I had trouble sleeping last night after a little online incident.
I was reading a news item on facebook about an airline offering a new configuration of seating. Nothing particularly controversial, but it had one of those typical ‘click-baity’ type headlines – ‘you won’t want to fly again after you read this’. I’m always fascinated by the comments that people leave, so was reading through and noticed that one young lady had tagged her friend, who commenting with the following. (And I’ve dithered about including the actual comment, but I feel that it’s important in the context of this story, so apologies in advance for the offensive language.)
“Jew cunts. They can suck my balls. Fucking airbus.”
I had an actual PHYSICAL reaction to reading that. My stomach felt sick and I went all hot. Typing it out has made my hands shake. I sat for a little while to see what the reaction was, and was astounded to see….nothing. People were commenting, and completely ignoring this horrific statement. Those who know me well know that I’m not good at keeping my mouth shut, so I replied – fairly innocuously, with:
“I wonder what kind of life you lead to make you feel that it’s ok to use that kind of language”
The friend who originally tagged this young man replied very quickly with
“You must have a boring life to be the language police.”
My comment quickly gained likes, and a few other people commented after saying things like:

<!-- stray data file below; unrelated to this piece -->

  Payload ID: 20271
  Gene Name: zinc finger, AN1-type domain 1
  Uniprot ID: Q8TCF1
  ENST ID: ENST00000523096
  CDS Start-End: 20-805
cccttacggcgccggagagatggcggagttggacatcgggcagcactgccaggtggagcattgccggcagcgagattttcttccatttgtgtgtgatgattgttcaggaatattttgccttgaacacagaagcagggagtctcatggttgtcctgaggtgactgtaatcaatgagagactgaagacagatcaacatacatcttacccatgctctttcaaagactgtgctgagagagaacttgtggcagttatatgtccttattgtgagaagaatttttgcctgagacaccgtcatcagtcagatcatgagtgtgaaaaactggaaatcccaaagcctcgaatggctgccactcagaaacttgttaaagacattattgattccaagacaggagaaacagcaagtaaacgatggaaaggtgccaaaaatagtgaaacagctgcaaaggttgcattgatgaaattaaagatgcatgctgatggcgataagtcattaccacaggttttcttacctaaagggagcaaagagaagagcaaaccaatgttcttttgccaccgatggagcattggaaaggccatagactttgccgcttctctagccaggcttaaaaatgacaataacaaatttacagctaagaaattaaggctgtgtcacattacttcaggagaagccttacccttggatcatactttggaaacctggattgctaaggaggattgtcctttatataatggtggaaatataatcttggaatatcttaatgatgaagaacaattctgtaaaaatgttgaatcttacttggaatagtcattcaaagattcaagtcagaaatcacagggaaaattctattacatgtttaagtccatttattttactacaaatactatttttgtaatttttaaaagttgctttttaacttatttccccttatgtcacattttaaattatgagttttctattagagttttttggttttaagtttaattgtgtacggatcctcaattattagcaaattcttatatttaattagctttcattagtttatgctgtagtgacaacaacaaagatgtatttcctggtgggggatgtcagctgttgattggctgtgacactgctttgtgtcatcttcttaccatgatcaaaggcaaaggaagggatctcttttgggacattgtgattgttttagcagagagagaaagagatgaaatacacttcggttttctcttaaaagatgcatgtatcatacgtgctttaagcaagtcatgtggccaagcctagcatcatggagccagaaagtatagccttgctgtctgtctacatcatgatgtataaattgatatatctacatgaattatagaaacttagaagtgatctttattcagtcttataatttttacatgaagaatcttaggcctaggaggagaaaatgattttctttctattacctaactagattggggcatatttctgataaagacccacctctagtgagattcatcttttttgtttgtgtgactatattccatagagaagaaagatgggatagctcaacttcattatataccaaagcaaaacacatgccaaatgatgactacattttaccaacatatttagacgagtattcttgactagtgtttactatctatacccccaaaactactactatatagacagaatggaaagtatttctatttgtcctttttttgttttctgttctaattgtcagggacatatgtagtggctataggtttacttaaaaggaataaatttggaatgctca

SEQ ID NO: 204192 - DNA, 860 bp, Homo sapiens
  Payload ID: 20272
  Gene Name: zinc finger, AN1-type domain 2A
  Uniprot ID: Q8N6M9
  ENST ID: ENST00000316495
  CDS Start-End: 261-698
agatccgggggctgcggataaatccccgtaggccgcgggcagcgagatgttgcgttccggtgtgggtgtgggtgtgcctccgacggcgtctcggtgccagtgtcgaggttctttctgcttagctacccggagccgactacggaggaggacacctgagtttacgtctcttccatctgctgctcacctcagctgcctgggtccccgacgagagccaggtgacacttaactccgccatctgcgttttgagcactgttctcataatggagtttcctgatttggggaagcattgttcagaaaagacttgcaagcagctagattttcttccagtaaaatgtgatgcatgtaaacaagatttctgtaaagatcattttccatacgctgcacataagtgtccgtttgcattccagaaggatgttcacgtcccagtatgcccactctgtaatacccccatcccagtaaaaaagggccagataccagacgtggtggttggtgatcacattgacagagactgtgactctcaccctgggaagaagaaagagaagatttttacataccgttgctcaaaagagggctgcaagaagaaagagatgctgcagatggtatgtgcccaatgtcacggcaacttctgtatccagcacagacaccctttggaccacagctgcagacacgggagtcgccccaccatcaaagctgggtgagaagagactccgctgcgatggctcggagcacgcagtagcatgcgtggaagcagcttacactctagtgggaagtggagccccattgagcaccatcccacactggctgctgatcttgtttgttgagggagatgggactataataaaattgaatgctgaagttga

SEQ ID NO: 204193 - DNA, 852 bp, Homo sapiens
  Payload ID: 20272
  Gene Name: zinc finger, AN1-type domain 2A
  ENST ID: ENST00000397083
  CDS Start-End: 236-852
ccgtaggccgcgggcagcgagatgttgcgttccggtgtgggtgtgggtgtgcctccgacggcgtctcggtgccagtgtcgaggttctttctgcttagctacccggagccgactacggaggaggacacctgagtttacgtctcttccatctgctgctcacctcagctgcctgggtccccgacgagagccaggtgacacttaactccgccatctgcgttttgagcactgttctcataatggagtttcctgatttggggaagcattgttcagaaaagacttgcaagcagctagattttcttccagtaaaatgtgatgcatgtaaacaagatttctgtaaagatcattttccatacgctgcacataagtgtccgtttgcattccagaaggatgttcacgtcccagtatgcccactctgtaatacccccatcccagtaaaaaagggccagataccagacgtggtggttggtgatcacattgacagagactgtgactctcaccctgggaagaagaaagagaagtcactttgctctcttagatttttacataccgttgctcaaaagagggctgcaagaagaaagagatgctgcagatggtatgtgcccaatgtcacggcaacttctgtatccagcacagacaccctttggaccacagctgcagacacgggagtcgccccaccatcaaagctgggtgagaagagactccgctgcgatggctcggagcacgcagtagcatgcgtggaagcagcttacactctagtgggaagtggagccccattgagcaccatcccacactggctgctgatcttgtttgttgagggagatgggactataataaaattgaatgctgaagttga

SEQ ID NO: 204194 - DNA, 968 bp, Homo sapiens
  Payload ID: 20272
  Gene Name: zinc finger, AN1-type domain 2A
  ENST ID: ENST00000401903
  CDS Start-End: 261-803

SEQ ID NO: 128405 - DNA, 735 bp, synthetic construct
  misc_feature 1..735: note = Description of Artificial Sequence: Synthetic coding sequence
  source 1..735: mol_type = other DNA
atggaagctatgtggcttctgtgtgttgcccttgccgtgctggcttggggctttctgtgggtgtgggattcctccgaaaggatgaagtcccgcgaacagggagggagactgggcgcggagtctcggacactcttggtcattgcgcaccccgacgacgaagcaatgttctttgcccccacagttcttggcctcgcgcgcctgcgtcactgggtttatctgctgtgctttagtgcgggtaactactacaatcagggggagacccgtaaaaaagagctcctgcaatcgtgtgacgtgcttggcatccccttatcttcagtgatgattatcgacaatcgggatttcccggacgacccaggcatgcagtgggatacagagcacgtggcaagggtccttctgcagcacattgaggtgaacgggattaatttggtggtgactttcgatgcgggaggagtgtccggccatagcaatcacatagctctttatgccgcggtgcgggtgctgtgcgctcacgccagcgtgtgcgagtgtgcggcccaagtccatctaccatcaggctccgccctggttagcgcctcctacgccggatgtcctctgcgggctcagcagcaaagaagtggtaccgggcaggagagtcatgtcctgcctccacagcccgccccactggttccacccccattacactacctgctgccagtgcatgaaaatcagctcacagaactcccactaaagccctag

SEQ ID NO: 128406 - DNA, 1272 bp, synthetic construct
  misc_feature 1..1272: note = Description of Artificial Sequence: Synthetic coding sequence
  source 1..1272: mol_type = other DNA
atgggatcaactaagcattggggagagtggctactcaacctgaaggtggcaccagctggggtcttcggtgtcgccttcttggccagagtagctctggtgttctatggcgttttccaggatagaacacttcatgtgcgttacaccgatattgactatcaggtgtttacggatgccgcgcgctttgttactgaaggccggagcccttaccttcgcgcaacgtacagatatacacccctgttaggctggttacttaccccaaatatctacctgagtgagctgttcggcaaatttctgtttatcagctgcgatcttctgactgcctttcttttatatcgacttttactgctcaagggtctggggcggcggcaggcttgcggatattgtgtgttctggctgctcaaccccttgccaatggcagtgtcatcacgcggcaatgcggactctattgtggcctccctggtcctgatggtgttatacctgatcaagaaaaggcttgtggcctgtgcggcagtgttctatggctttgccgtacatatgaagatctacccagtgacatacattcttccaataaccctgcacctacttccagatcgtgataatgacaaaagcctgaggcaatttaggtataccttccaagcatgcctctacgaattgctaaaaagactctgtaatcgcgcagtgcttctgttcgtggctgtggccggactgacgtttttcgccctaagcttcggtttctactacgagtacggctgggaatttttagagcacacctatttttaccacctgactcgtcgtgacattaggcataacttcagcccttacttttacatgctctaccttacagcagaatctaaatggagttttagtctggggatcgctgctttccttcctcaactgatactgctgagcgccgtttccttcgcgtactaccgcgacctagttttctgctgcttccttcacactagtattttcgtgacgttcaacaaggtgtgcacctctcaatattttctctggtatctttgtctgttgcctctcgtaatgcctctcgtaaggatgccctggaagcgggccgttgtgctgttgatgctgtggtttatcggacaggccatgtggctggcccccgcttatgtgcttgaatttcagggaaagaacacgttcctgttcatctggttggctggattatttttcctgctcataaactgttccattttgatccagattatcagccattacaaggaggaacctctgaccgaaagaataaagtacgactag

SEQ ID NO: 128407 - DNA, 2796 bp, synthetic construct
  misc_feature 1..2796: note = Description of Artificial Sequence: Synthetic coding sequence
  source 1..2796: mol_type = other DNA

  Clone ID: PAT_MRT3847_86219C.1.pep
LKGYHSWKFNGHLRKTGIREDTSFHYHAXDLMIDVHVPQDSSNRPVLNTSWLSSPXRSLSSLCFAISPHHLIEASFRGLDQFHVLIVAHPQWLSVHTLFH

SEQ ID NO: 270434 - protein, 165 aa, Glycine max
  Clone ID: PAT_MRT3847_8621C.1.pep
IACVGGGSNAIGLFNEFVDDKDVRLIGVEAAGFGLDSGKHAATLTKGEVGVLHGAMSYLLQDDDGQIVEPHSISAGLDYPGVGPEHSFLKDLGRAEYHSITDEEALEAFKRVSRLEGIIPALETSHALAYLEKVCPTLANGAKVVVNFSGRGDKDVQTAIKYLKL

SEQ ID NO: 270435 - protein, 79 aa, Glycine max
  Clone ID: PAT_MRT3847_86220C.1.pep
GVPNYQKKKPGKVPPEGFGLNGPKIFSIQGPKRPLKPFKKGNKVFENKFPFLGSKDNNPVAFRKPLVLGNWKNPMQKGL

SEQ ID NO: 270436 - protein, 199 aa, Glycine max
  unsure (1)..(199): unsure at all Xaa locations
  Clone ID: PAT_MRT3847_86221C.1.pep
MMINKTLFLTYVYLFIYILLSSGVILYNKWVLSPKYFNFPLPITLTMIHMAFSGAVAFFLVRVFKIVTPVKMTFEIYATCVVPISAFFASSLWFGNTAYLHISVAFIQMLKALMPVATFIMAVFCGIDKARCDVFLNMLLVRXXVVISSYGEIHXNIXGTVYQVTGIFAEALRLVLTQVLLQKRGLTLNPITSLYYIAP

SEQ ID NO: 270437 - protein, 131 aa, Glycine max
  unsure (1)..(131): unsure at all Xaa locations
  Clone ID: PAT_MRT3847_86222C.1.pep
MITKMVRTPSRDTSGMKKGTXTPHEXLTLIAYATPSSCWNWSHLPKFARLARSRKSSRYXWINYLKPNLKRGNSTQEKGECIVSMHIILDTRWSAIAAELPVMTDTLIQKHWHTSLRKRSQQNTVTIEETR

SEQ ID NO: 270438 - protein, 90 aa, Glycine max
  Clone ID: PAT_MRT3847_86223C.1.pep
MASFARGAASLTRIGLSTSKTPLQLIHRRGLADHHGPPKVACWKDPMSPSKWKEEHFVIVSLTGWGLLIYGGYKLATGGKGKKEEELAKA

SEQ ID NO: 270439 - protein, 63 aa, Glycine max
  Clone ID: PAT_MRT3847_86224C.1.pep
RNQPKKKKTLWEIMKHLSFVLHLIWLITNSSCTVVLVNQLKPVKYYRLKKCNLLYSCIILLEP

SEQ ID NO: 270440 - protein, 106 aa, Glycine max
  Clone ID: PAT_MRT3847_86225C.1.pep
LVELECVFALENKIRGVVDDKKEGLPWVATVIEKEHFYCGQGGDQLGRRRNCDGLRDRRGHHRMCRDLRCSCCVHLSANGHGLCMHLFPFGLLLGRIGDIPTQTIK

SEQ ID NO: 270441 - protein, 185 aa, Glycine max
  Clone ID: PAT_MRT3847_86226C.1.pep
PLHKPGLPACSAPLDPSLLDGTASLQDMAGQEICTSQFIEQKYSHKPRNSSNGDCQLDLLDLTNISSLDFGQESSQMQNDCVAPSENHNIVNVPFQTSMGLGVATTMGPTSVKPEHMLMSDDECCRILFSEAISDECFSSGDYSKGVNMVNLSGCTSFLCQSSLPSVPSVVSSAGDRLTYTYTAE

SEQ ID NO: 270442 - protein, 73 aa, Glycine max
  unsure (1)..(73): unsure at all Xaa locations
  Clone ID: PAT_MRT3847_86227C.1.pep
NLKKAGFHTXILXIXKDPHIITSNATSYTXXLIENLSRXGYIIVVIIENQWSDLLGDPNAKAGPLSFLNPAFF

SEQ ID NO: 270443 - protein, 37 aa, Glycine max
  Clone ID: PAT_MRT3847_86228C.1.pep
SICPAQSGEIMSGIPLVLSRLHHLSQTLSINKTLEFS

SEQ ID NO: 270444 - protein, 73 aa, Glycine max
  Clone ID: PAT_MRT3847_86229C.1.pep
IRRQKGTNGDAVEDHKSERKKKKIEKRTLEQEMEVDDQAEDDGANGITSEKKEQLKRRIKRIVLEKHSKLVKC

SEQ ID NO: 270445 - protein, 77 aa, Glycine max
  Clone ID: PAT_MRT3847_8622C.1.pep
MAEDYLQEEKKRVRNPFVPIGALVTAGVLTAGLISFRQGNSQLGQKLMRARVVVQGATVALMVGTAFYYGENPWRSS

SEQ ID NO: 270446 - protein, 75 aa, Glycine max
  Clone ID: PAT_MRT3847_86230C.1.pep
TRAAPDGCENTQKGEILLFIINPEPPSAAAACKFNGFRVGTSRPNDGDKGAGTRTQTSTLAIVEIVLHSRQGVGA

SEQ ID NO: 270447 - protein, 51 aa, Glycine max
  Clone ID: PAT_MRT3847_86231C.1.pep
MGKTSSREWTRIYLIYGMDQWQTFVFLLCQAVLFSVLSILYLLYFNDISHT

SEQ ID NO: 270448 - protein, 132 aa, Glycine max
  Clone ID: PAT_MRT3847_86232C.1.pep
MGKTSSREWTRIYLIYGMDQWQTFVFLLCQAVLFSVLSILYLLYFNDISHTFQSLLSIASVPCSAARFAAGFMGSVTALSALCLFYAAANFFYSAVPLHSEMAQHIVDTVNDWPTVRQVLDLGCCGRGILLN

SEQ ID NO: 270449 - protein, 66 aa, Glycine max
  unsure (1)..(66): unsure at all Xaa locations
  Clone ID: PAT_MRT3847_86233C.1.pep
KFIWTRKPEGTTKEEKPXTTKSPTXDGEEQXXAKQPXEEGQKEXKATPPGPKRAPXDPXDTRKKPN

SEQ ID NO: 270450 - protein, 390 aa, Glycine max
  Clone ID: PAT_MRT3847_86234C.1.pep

“Leigh-ann is obviously educated, unlike you”
I fired off one more comment before backing away,
“I am far from the language police. What I am, however, is an advocate for common decency and I speak up when I see it lacking.”
That comment also got quite a few likes, and soon afterwards, the original comment was deleted.
Who thinks it’s ok to use that kind of terminology though? In what sphere of society would you speak like that in a public forum?
The crux of it for me, however, was this. Until me, no-one spoke up. People ignored it. Now, I don’t know about you, but I grew up in a small town and when I was a teenager, I knew that if I were misbehaving in public, any of the adults around me would let me know that my behaviour was unacceptable. Why are we afraid of doing this now? We shake our heads and mutter to our friends about how poorly the ‘young people of today’ are acting, but we do nothing to censure them. How are they to know their boundaries if they are not reinforced?
And on a more global scale, why do we stand by and watch what we know to be wrong and say nothing. What I saw online was small, but I lay awake last night and realised that it was a symptom of society today – we want a perfect world, but we want someone else to make it happen for us.
We need to get involved, and it starts with small gestures. Speaking up gently when we see something wrong, setting the example for our children that we have to ‘be the change you want to see in the world’. We all hear stories and respond with the classic “I would have said….”, “if I was there, I would have….”, or “you should have…” but what do we actually do? Very little.
I realised last night that I do speak up when I don’t agree with something that’s happening in front of me, but is that enough? I don’t know. I’m having my ‘pen is mightier than the sword’ moment here, and suggesting that we all need to stand up against injustice, and affirming that I always will.